1975 Holden LH Torana: Our shed

By: Scott Murray, Photography by: John James

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1975 Holden LH Torana 1975 Holden LH Torana 1975 Holden LH Torana
1975 Holden LH Torana 1975 Holden LH Torana 1975 Holden LH Torana
1975 Holden LH Torana 1975 Holden LH Torana 1975 Holden LH Torana
1975 Holden LH Torana 1975 Holden LH Torana 1975 Holden LH Torana
1975 Holden LH Torana 1975 Holden LH Torana 1975 Holden LH Torana
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An old six-cylinder LH with a sentimental attachment is about to get a loving makeover

1975 Holden LH Torana: Our shed
Our shed: 1975 Holden LH Torana

 

1975 LH Torana

PA'S TORANA

Pa, my best mate, gave me this ’75 LH for my 18th birthday six years ago (has it really been that long?). He never made a fuss over it, despite my enthusiasm for owning a classic. I was in love and drove it as much as I could… afford to.

It’s had quite a history since. I’ve run it out of fuel numerous times, changed my first flat, drove it in my Year 12 ‘action movie’, cruised with my mates in it, rid the boot of the ratty old
carpet and insulation, attacked some rust with converter and have kept it serviced.

In the early days of my ownership, ‘something crucial’ went kaput – remember I was 18 and knew nothing about cars. It ended up at a workshop where a second-hand LH/LJ carby was bolted in place of the dead one.

I’ll never forget buying my first polish, either, wanting to keep it shiny. Lazy customer service at a local auto retailer meant I used a tin of cut-and-polish that said on the label not to use on metallic paint. Which, of course, it is. And I did. Great.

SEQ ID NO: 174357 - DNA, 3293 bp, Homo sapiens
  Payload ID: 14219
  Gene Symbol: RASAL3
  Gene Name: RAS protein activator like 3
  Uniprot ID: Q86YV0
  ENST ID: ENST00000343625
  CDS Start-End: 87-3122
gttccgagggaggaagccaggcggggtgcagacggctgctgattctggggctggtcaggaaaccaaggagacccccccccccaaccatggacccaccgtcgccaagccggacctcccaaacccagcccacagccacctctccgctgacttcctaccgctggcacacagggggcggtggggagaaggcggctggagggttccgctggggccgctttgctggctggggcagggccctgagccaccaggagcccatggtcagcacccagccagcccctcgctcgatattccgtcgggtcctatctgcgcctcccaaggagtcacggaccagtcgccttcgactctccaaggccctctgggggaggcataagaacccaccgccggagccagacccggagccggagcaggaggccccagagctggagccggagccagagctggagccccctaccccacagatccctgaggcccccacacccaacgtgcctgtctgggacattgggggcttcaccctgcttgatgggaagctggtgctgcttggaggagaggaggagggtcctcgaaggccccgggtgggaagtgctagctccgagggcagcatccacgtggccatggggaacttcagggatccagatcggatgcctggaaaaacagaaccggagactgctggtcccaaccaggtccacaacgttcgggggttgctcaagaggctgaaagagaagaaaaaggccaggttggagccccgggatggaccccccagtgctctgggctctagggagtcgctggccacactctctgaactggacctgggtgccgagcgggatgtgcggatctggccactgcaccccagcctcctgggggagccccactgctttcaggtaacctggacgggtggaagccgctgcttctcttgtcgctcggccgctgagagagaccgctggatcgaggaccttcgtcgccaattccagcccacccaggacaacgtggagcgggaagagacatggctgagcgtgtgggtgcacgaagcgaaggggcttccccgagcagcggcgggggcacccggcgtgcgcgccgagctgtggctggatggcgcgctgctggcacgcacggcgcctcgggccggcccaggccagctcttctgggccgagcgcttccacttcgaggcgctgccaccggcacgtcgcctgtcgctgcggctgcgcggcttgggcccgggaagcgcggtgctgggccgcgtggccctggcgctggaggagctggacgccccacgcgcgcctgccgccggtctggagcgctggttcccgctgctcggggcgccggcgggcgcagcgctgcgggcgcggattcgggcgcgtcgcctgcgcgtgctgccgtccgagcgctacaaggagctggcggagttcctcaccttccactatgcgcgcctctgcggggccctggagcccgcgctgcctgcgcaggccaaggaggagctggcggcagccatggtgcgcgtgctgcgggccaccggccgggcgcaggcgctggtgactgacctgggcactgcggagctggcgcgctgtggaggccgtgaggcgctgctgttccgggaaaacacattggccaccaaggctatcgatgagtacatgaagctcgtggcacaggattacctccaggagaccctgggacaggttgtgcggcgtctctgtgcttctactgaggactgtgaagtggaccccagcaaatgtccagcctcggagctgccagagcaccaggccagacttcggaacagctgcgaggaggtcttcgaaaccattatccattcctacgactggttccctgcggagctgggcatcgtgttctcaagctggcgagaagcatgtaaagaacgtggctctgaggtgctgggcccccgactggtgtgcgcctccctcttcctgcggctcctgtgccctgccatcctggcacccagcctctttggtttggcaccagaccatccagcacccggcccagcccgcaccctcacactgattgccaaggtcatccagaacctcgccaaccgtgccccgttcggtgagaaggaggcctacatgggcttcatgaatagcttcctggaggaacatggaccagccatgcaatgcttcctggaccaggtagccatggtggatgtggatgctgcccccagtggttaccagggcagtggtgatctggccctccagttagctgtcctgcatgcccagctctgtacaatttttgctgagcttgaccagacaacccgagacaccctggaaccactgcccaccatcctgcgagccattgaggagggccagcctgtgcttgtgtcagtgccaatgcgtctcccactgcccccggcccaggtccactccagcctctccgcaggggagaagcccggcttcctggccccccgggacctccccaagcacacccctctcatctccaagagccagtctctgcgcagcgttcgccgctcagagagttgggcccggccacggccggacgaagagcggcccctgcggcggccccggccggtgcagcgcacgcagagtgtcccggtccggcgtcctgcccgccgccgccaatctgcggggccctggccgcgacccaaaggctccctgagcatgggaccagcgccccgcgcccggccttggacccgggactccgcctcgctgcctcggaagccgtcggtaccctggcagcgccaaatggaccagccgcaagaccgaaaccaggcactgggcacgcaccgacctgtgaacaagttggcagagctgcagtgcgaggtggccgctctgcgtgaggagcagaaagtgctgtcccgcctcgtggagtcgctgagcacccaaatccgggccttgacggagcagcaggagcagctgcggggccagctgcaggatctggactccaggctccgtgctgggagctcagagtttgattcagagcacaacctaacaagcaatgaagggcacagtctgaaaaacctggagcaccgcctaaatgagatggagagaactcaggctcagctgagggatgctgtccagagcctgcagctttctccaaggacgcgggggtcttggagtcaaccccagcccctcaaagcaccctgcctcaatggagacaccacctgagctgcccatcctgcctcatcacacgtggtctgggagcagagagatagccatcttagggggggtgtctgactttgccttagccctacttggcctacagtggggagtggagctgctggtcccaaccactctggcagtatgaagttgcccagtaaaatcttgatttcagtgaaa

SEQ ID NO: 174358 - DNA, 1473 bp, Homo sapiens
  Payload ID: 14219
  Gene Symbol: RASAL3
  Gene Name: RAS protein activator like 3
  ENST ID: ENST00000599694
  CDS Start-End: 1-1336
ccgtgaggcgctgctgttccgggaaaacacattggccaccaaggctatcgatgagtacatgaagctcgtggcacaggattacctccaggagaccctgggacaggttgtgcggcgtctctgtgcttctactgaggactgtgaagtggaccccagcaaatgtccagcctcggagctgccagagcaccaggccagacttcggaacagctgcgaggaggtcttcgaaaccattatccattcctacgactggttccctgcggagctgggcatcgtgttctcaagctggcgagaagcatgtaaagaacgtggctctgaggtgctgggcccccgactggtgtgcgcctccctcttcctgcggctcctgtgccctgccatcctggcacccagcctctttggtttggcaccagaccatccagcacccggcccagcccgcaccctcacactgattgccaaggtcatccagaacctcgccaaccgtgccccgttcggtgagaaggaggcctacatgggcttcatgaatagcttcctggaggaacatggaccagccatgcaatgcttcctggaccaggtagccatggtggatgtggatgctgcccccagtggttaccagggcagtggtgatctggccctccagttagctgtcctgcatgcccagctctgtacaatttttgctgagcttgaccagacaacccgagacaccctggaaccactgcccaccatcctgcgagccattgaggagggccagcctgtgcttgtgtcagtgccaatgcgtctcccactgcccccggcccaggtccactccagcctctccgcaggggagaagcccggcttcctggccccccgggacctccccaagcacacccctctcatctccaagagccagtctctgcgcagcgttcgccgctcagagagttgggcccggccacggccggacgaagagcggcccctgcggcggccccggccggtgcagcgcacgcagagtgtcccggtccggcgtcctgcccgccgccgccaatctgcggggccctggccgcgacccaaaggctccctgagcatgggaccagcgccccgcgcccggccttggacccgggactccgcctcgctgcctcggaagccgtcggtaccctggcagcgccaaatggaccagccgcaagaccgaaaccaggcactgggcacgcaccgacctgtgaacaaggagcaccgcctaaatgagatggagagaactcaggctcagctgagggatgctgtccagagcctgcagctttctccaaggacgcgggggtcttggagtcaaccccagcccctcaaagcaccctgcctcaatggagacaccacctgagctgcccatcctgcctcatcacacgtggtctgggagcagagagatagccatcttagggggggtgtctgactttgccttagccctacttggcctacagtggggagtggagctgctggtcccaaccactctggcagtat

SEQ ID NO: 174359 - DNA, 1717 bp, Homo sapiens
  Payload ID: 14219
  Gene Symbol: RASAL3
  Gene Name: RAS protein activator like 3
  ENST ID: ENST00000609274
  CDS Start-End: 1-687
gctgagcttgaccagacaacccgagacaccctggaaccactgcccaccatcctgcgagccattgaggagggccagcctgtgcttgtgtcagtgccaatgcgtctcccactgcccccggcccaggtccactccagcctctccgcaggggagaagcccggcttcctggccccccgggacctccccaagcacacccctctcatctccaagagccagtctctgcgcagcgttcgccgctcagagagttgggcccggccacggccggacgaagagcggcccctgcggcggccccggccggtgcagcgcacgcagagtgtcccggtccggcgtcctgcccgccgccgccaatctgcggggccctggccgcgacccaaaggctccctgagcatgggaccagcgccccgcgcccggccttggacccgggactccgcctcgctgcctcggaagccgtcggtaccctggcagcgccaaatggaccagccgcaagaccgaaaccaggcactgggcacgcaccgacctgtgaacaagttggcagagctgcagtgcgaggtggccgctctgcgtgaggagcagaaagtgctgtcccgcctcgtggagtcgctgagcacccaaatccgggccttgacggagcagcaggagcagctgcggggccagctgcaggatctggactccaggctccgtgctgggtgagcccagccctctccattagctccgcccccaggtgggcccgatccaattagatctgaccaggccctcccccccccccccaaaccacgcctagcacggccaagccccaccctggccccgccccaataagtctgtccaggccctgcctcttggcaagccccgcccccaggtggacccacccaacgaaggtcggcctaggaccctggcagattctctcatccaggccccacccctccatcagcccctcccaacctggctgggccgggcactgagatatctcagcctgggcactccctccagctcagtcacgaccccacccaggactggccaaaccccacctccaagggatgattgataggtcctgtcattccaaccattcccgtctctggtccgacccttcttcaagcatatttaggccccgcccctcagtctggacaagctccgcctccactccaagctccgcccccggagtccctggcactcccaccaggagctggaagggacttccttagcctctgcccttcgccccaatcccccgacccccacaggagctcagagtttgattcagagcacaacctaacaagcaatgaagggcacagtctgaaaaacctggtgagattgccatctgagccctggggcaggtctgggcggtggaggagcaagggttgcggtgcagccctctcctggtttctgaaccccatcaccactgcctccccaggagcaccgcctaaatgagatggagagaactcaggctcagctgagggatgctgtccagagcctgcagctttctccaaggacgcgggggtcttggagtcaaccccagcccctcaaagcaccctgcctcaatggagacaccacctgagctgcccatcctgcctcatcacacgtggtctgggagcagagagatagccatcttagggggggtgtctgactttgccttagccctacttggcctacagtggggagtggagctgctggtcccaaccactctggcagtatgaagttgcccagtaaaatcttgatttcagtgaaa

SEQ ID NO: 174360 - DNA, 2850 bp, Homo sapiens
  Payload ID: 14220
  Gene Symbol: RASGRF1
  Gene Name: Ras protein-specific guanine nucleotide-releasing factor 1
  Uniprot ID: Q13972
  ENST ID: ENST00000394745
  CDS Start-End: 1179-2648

Sadly, Pa died and there have been times when I’ve barely had a dollar to my name, struggling to pay rego on top of bills and surviving uni. Tough times. But I’m glad I never caved into the
desperate idea of selling it.

She now sits in the same garage it started life in as I now own Pa’s house.

This year will be the fifth since he passed away and I’m nearly positioned to afford the car’s renaissance. It will be paying homage to Pa, so everything will be done properly, but within a budget.

I have no interest in hotting it up, either, so everything will be as standard as possible.

A V8 would spoil it, so the 3.3-litre straight-six will get a rebuild and paint as the red has flaked after 200,000km. The four-speed M20 ’box is still pretty tight, but will get a once-over, as will the brakes, which are a bit too ‘light switch’.

I’ve sourced the houndstooth seat material and my local AutObarn is ready to get parts, but the front and rear screen sills need the rust removed first. And the ball joints are knackered, the hub caps and chrome will need a refurb, I know a guy who’ll re-do the vinyl armrest, new seatbelts will be needed and surely I can do the carpet. The leaky window sill rubbers also need replacing as an old newspaper doesn’t do much.

Fortunately, I have some good Torana-friends ready to grab tools and a beer to help. This will prove beneficial since I’m only a motoring journalist, not a mad scientist. Yet.

 


*****

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